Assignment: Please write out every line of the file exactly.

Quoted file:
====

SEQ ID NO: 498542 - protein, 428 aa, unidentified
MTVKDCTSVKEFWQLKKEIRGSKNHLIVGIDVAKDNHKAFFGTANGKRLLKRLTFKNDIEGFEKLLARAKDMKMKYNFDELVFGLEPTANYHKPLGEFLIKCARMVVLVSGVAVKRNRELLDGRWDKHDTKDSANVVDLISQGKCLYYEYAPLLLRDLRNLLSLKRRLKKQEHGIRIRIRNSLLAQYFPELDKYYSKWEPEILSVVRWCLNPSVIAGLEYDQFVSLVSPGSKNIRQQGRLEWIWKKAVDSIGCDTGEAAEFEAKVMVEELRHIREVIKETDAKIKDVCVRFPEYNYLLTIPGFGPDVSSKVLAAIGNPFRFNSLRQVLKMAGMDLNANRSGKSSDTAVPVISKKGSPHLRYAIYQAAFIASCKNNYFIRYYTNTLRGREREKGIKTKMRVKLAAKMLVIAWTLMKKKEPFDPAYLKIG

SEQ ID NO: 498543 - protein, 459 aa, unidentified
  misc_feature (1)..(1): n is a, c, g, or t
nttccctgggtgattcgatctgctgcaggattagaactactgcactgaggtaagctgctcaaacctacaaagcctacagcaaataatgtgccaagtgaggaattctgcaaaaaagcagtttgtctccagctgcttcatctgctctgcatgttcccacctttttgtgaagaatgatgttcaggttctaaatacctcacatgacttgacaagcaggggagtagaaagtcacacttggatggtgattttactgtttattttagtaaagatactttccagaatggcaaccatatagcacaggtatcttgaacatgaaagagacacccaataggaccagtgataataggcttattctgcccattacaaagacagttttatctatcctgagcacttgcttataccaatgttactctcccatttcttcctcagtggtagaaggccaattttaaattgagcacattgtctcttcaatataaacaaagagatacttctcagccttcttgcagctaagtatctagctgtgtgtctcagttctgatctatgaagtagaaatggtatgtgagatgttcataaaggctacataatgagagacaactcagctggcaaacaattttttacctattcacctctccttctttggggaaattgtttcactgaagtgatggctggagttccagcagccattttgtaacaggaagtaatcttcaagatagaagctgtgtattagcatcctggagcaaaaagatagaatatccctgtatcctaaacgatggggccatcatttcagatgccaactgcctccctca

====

SEQ ID NO: 498542 - protein, 428 aa, unidentified
MTVKDCTSVKEFWQLKKEIRGSKNHLIVGIDVAKDNHKAFFGTANGKRLLKRLTFKNDIEGFEKLLARAKDMKMKYNFDELVFGLEPTANYHKPLGEFLIKCARMVVLVSGVAVKRNRELLDGRWDKHDTKDSANVVDLISQGKCLYYEYAPLLLRDLRNLLSLKRRLKKQEHGIRIRIRNSLLAQYFPELDKYYSKWEPEILSVVRWCLNPSVIAGLEYDQFVSLVSPGSKNIRQQGRLEWIWKKAVDSIGCDTGEAAEFEAKVMVEELRHIREVIKETDAKIKDVCVRFPEYNYLLTIPGFGPDVSSKVLAAIGNPFRFNSLRQVLKMAGMDLNANRSGKSSDTAVPVISKKGSPHLRYAIYQAAFIASCKNNYFIRYYTNTLRGREREKGIKTKMRVKLAAKMLVIAWTLMKKKEPFDPAYLKIG

SEQ ID NO: 498543 - protein, 459 aa, unidentified
  misc_feature (1)..(1): n is a, c, g, or t
nttccctgggtgattcgatctgctgcaggattagaactactgcactgaggtaagctgctcaaacctacaaagcctacagcaaataatgtgccaagtgaggaattctgcaaaaaagcagtttgtctccagctgcttcatctgctctgcatgttcccacctttttgtgaagaatgatgttcaggttctaaatacctcacatgacttgacaagcaggggagtagaaagtcacacttggatggtgattttactgtttattttagtaaagatactttccagaatggcaaccatatagcacaggtatcttgaacatgaaagagacacccaataggaccagtgataataggcttattctgcccattacaaagacagttttatctatcctgagcacttgcttataccaatgttactctcccatttcttcctcagtggtagaaggccaattttaaattgagcacattgtctcttcaatataaacaaagagatacttctcagccttcttgcagctaagtatctagctgtgtgtctcagttctgatctatgaagtagaaatggtatgtgagatgttcataaaggctacataatgagagacaactcagctggcaaacaattttttacctattcacctctccttctttggggaaattgtttcactgaagtgatggctggagttccagcagccattttgtaacaggaagtaatcttcaagatagaagctgtgtattagcatcctggagcaaaaagatagaatatccctgtatcctaaacgatggggccatcatttcagatgccaactgcctccctca